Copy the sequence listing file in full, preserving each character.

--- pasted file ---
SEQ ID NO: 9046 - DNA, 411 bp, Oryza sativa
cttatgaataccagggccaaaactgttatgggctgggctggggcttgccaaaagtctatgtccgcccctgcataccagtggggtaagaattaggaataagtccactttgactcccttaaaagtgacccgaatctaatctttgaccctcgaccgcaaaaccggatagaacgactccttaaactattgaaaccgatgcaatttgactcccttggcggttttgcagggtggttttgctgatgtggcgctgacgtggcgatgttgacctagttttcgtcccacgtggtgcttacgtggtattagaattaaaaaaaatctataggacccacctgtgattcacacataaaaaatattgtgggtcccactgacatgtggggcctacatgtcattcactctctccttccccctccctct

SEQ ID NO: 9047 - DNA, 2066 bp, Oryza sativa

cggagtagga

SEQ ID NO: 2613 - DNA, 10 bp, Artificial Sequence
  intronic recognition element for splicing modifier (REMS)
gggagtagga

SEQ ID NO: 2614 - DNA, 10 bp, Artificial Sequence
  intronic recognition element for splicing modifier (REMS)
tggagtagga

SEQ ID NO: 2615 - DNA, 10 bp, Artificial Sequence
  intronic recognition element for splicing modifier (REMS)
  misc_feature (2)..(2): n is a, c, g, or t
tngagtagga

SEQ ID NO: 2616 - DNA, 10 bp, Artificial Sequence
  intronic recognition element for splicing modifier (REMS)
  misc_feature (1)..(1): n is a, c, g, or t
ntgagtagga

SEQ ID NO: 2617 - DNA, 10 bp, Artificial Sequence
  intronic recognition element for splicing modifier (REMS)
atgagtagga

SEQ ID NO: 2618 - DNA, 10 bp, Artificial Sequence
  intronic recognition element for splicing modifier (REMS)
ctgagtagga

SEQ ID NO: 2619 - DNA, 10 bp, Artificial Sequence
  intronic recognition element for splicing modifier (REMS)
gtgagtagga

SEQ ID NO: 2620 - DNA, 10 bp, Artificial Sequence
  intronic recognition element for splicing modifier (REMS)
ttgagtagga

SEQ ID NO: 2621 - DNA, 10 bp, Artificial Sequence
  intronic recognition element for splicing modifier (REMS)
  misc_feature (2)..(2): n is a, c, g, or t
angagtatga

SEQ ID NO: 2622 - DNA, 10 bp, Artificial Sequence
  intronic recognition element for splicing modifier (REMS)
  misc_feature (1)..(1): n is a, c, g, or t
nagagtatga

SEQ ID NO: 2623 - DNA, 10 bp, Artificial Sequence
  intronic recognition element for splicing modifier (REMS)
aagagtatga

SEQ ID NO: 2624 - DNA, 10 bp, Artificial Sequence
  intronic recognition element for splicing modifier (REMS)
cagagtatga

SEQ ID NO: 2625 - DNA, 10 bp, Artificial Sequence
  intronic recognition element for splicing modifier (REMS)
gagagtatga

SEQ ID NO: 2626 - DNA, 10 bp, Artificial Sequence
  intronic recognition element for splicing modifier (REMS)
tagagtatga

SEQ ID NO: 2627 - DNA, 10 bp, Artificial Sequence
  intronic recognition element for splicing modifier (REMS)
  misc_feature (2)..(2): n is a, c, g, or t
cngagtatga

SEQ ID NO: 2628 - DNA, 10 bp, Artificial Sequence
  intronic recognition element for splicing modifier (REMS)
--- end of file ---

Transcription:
SEQ ID NO: 9046 - DNA, 411 bp, Oryza sativa
cttatgaataccagggccaaaactgttatgggctgggctggggcttgccaaaagtctatgtccgcccctgcataccagtggggtaagaattaggaataagtccactttgactcccttaaaagtgacccgaatctaatctttgaccctcgaccgcaaaaccggatagaacgactccttaaactattgaaaccgatgcaatttgactcccttggcggttttgcagggtggttttgctgatgtggcgctgacgtggcgatgttgacctagttttcgtcccacgtggtgcttacgtggtattagaattaaaaaaaatctataggacccacctgtgattcacacataaaaaatattgtgggtcccactgacatgtggggcctacatgtcattcactctctccttccccctccctct

SEQ ID NO: 9047 - DNA, 2066 bp, Oryza sativa

cggagtagga

SEQ ID NO: 2613 - DNA, 10 bp, Artificial Sequence
  intronic recognition element for splicing modifier (REMS)
gggagtagga

SEQ ID NO: 2614 - DNA, 10 bp, Artificial Sequence
  intronic recognition element for splicing modifier (REMS)
tggagtagga

SEQ ID NO: 2615 - DNA, 10 bp, Artificial Sequence
  intronic recognition element for splicing modifier (REMS)
  misc_feature (2)..(2): n is a, c, g, or t
tngagtagga

SEQ ID NO: 2616 - DNA, 10 bp, Artificial Sequence
  intronic recognition element for splicing modifier (REMS)
  misc_feature (1)..(1): n is a, c, g, or t
ntgagtagga

SEQ ID NO: 2617 - DNA, 10 bp, Artificial Sequence
  intronic recognition element for splicing modifier (REMS)
atgagtagga

SEQ ID NO: 2618 - DNA, 10 bp, Artificial Sequence
  intronic recognition element for splicing modifier (REMS)
ctgagtagga

SEQ ID NO: 2619 - DNA, 10 bp, Artificial Sequence
  intronic recognition element for splicing modifier (REMS)
gtgagtagga

SEQ ID NO: 2620 - DNA, 10 bp, Artificial Sequence
  intronic recognition element for splicing modifier (REMS)
ttgagtagga

SEQ ID NO: 2621 - DNA, 10 bp, Artificial Sequence
  intronic recognition element for splicing modifier (REMS)
  misc_feature (2)..(2): n is a, c, g, or t
angagtatga

SEQ ID NO: 2622 - DNA, 10 bp, Artificial Sequence
  intronic recognition element for splicing modifier (REMS)
  misc_feature (1)..(1): n is a, c, g, or t
nagagtatga

SEQ ID NO: 2623 - DNA, 10 bp, Artificial Sequence
  intronic recognition element for splicing modifier (REMS)
aagagtatga

SEQ ID NO: 2624 - DNA, 10 bp, Artificial Sequence
  intronic recognition element for splicing modifier (REMS)
cagagtatga

SEQ ID NO: 2625 - DNA, 10 bp, Artificial Sequence
  intronic recognition element for splicing modifier (REMS)
gagagtatga

SEQ ID NO: 2626 - DNA, 10 bp, Artificial Sequence
  intronic recognition element for splicing modifier (REMS)
tagagtatga

SEQ ID NO: 2627 - DNA, 10 bp, Artificial Sequence
  intronic recognition element for splicing modifier (REMS)
  misc_feature (2)..(2): n is a, c, g, or t
cngagtatga

SEQ ID NO: 2628 - DNA, 10 bp, Artificial Sequence
  intronic recognition element for splicing modifier (REMS)